Every time I end my one-woman dance-theater show, I, this solitary figure, stand upstage held up by loop of thin rope. Slowly I am hoisted, usually with the set as part of my costume.
There’s nothing to it, just a mere elevation from the ground, no fancy flying maneuvers. The flight is held long enough for people to believe that it is larger in their minds.
Is it a symbol of triumph over obstacles, the phoenix rising over the ashes, spiritual transcendence, or a climactic celebration of the glory of life?
I am doing a repeat of my eighth solo show, “Healed Heart,” on June 21 at the De La Salle-College of Saint Benilde School of Design and Arts Theater. It is a singular event based on the lectures of life coach and author Dadi Janki, dubbed by scientists as the World’s Most Stable Mind.
This 95-year-old visionary has inspired legions of people for her practical advice on how to be a first-class human being. Her lectures on courage, compassion, letting go, conquering anger, overcoming sadness and becoming sweet were pithily condensed by editor Emmie Velarde and interpreted in dance, theater, original music, sculpture, photography and video.
Among my concerts, “Healed Heart” is special because the music, sound engineering, video and sets were done by CSB-SDA students. Dean José Ma. Yupangco and associate dean Robin Serrano and the various department chairpersons collaborated on this event because of its ideals.
Nuggets of wisdom
Says director Bart Guingona: “Dadi Janki’s script is a collection of truisms, solid nuggets of wisdom filtered through years of life and living. It is calm and soothing and universal. It is moving in the way the words of a sage can be moving. It has the power of words that have the potential to be life-altering. It is a pleasure to interpret these words in music and dance and theater.”
Aside from Guingona, I have worked with Douglas Nierras, whose choreography is so evocative of the text.
“It is beautiful like fresh air with a sweet smell that goes through your mind as you read the script. The messages are very positive. It tells you of the reality. It is not intimidating,” he says. “It is the friendliest to a lay person. Even an 11-year-old can absorb it. They understand the profundity and simplicity.”
Over the years, the production and creative processes have been very humbling experiences. I know there are many out there who don’t take to dance or theater with philosophical ideas, but there are also many who are thirsty for new art or substance.
When I’m in the midst of production, friends say I work like a ram. I’m the idealist, pushing for certain convictions, among them, about the role of the arts in society in a world that couldn’t care less.
Says Nierras: “What is our basic complaint about society now? There is apathy in the young. Outside of their friends and families, there is no concern for people who are suffering, for war in the world, strife and poverty, especially in the comfortable bracket of society. With the poor, it’s worse. They could not care less apart from what they need to eat and feed their family for that day. What can solve the problem? Economists say, Give them work so they will have money and food on their table. They have food, but it might not be luxurious. Otherwise, how will they survive?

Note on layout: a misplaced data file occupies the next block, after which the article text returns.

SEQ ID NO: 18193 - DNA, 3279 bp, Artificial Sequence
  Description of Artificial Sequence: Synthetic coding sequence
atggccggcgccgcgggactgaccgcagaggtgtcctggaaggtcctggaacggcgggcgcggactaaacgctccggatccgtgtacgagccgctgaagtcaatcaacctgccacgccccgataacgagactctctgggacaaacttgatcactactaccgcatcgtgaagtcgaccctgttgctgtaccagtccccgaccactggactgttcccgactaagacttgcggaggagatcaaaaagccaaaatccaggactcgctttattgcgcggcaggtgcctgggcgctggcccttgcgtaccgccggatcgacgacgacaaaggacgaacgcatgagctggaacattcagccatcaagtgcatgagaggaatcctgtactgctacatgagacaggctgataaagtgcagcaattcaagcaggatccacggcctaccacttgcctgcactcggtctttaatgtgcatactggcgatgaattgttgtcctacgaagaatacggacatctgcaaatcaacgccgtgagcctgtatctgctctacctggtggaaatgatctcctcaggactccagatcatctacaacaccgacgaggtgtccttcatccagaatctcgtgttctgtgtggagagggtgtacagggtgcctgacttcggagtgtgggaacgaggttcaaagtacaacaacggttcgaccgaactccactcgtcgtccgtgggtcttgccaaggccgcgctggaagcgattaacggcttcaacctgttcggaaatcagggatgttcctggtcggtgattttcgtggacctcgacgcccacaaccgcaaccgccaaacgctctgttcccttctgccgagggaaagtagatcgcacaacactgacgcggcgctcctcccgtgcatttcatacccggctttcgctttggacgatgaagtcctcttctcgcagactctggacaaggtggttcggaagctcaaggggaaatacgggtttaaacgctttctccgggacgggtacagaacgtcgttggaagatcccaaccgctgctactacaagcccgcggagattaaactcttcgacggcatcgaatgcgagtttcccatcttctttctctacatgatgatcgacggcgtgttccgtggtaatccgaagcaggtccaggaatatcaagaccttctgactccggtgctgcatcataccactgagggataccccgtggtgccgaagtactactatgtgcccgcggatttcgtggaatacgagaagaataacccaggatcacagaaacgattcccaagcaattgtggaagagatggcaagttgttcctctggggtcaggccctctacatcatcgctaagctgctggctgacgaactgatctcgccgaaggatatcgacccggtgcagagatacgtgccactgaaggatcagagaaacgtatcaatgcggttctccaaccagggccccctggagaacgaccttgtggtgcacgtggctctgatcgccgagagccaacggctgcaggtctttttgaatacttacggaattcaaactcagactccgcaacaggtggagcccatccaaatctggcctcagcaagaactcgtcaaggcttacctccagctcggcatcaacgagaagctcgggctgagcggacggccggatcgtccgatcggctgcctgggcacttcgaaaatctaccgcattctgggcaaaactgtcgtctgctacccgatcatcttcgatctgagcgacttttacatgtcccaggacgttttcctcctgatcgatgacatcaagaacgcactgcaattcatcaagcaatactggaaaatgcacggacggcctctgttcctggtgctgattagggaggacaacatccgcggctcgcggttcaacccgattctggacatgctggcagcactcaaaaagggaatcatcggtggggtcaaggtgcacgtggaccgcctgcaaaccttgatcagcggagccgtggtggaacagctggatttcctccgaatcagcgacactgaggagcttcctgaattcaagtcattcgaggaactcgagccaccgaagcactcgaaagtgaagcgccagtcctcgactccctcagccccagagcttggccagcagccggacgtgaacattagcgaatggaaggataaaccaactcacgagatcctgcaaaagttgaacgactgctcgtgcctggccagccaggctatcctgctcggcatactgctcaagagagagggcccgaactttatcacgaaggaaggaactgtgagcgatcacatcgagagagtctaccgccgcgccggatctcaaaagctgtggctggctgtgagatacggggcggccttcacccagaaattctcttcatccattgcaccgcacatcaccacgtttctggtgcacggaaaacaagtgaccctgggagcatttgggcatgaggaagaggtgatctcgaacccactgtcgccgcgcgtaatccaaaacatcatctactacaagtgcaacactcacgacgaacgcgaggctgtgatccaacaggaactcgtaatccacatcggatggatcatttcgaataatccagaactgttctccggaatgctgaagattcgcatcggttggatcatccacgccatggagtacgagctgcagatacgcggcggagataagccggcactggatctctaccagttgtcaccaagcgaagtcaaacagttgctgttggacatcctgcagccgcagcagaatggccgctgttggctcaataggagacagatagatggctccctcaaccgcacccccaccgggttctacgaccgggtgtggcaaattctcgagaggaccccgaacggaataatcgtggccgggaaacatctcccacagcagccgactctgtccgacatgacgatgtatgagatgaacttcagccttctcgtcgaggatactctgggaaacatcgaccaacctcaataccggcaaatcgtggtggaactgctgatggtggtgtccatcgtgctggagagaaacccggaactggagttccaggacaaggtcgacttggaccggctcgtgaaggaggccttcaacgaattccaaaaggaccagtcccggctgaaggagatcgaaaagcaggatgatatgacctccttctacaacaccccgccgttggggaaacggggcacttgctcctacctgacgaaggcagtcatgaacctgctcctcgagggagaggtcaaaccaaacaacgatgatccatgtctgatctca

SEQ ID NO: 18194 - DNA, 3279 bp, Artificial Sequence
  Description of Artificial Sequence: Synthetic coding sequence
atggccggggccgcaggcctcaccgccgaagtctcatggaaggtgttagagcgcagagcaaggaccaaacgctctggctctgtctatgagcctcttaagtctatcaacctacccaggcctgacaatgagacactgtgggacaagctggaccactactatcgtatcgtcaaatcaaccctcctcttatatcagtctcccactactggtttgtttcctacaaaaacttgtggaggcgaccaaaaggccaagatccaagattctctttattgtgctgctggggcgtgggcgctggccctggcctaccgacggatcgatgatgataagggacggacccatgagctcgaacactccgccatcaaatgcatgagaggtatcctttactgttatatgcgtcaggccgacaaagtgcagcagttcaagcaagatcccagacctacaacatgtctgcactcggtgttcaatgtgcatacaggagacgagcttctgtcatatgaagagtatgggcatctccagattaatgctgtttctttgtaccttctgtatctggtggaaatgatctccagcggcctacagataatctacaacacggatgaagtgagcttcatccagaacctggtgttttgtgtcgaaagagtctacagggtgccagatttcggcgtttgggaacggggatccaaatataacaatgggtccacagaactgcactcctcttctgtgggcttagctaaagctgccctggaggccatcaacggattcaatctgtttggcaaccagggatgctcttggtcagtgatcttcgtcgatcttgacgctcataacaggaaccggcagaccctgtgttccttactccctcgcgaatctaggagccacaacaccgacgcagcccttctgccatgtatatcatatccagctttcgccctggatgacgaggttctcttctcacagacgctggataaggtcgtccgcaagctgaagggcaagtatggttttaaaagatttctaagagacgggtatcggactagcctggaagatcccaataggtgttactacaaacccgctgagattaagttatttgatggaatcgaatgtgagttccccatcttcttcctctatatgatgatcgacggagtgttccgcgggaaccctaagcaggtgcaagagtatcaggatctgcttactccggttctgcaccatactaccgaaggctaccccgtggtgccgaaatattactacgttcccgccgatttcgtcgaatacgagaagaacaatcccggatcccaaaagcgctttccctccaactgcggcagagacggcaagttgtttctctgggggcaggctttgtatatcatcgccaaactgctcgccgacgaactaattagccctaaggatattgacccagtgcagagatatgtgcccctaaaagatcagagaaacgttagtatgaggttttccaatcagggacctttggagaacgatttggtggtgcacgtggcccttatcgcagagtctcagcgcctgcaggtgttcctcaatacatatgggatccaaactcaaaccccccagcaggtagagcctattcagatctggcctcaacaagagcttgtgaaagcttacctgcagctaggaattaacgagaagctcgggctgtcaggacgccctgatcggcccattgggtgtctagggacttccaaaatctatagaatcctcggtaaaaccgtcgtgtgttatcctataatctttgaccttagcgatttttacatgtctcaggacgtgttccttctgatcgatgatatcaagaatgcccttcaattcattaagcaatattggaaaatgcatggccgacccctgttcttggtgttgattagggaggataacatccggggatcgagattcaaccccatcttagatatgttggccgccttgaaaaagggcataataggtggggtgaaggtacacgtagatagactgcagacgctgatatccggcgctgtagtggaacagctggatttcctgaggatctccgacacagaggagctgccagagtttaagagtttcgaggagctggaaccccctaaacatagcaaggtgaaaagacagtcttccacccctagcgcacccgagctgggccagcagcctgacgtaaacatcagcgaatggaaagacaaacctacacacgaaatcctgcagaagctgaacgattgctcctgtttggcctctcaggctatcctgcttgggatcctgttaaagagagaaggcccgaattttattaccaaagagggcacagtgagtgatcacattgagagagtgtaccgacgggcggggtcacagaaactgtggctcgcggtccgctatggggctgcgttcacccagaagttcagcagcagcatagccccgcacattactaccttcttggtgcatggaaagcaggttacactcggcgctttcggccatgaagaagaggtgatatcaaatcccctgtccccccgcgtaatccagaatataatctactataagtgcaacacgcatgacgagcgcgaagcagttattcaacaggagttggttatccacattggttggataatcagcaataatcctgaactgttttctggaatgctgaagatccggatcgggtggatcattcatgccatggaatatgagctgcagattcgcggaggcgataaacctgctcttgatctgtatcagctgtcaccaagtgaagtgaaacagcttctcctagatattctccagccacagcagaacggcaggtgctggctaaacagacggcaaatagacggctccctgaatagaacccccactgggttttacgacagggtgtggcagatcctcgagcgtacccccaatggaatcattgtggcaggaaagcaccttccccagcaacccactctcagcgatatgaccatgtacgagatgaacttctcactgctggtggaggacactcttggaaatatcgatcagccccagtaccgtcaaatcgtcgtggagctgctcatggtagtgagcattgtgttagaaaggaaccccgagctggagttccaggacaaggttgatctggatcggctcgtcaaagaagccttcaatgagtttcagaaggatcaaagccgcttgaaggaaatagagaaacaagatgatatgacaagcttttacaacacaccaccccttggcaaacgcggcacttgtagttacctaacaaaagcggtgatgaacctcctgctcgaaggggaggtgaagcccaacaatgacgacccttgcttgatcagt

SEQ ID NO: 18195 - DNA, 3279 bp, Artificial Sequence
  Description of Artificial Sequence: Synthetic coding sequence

“What does art do? It humanizes people. Dance can create a story and make you cry. A painting can elicit an emotion from you that maybe you have buried in your mind for a long time. The touch of a sculpture can remind you of being loved. Architecture can remind you of the grandeur of what can be created.
“How many know that if there is joy and happiness among the poor, there will be less crime? How many people know that if there is humanity among the rich, there will be less poverty because they will be more giving?”
Guingona adds: “Art is the repository of a society’s collective memory and wisdom, its aesthetic, and, therefore, its collective values. It is through art and science that we are able to systematize reality and therefore make sense of it and finally gain wisdom from it.”
“Let’s get down to basics,” says Nierras. “Let’s make people watch a dance, listen to a concert, go to an art exhibit, take a hike in the mountains, breathe fresh air in Tagaytay, take a drive at dawn, watch the sunset in Vigan, and let your pores do the thinking. Maybe something will happen.”
“Healed Heart” will feature UK-based international guest speaker Gopi Patel of the Brahma Kumaris, a United Nations-affiliated NGO. She will share her insights on the topic “You First—Bringing out the Best in Me to the World (Reminding Ourselves of How Cool We Are).”
This motivational lecturer will be in the Philippines for a series of lectures to inspire young adults. She has been overseeing the International Youth Forum, a network in more than 50 countries, whose main aim is to promote the inner growth of young people.
There are believers who have helped to support this project: Century Properties, Penshoppe, Intercare Healthcare Systems, Savannah Moon, Philippine Daily Inquirer, Ayala Malls Group, Focus Global Inc, Shang Properties, Stores Specialists Inc., Flawless, Pinky Puno and Starball, French Baker and Emphasis Salon.
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